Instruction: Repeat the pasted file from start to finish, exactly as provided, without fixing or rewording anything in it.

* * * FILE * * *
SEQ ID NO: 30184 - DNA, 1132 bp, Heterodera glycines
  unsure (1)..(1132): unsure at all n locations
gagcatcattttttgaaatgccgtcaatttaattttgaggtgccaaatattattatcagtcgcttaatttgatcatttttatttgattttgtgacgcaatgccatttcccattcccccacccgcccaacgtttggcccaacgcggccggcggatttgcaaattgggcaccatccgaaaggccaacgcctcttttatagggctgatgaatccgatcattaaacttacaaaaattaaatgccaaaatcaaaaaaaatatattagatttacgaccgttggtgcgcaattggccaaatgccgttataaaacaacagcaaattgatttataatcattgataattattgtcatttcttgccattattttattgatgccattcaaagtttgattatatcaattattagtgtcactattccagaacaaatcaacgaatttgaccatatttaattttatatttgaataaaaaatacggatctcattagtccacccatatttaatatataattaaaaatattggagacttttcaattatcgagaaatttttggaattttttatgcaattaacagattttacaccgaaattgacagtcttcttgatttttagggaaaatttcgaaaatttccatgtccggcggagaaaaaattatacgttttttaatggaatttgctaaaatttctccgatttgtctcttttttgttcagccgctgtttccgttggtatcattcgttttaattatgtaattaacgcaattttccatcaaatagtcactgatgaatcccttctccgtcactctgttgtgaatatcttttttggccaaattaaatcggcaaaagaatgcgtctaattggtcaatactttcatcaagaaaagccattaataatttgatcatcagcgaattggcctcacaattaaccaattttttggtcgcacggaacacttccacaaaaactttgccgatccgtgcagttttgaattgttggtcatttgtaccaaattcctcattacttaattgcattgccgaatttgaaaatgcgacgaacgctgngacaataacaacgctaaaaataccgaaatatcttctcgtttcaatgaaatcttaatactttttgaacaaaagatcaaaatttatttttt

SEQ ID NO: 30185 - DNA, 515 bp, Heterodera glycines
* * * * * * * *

SEQ ID NO: 30184 - DNA, 1132 bp, Heterodera glycines
  unsure (1)..(1132): unsure at all n locations
gagcatcattttttgaaatgccgtcaatttaattttgaggtgccaaatattattatcagtcgcttaatttgatcatttttatttgattttgtgacgcaatgccatttcccattcccccacccgcccaacgtttggcccaacgcggccggcggatttgcaaattgggcaccatccgaaaggccaacgcctcttttatagggctgatgaatccgatcattaaacttacaaaaattaaatgccaaaatcaaaaaaaatatattagatttacgaccgttggtgcgcaattggccaaatgccgttataaaacaacagcaaattgatttataatcattgataattattgtcatttcttgccattattttattgatgccattcaaagtttgattatatcaattattagtgtcactattccagaacaaatcaacgaatttgaccatatttaattttatatttgaataaaaaatacggatctcattagtccacccatatttaatatataattaaaaatattggagacttttcaattatcgagaaatttttggaattttttatgcaattaacagattttacaccgaaattgacagtcttcttgatttttagggaaaatttcgaaaatttccatgtccggcggagaaaaaattatacgttttttaatggaatttgctaaaatttctccgatttgtctcttttttgttcagccgctgtttccgttggtatcattcgttttaattatgtaattaacgcaattttccatcaaatagtcactgatgaatcccttctccgtcactctgttgtgaatatcttttttggccaaattaaatcggcaaaagaatgcgtctaattggtcaatactttcatcaagaaaagccattaataatttgatcatcagcgaattggcctcacaattaaccaattttttggtcgcacggaacacttccacaaaaactttgccgatccgtgcagttttgaattgttggtcatttgtaccaaattcctcattacttaattgcattgccgaatttgaaaatgcgacgaacgctgngacaataacaacgctaaaaataccgaaatatcttctcgtttcaatgaaatcttaatactttttgaacaaaagatcaaaatttatttttt

SEQ ID NO: 30185 - DNA, 515 bp, Heterodera glycines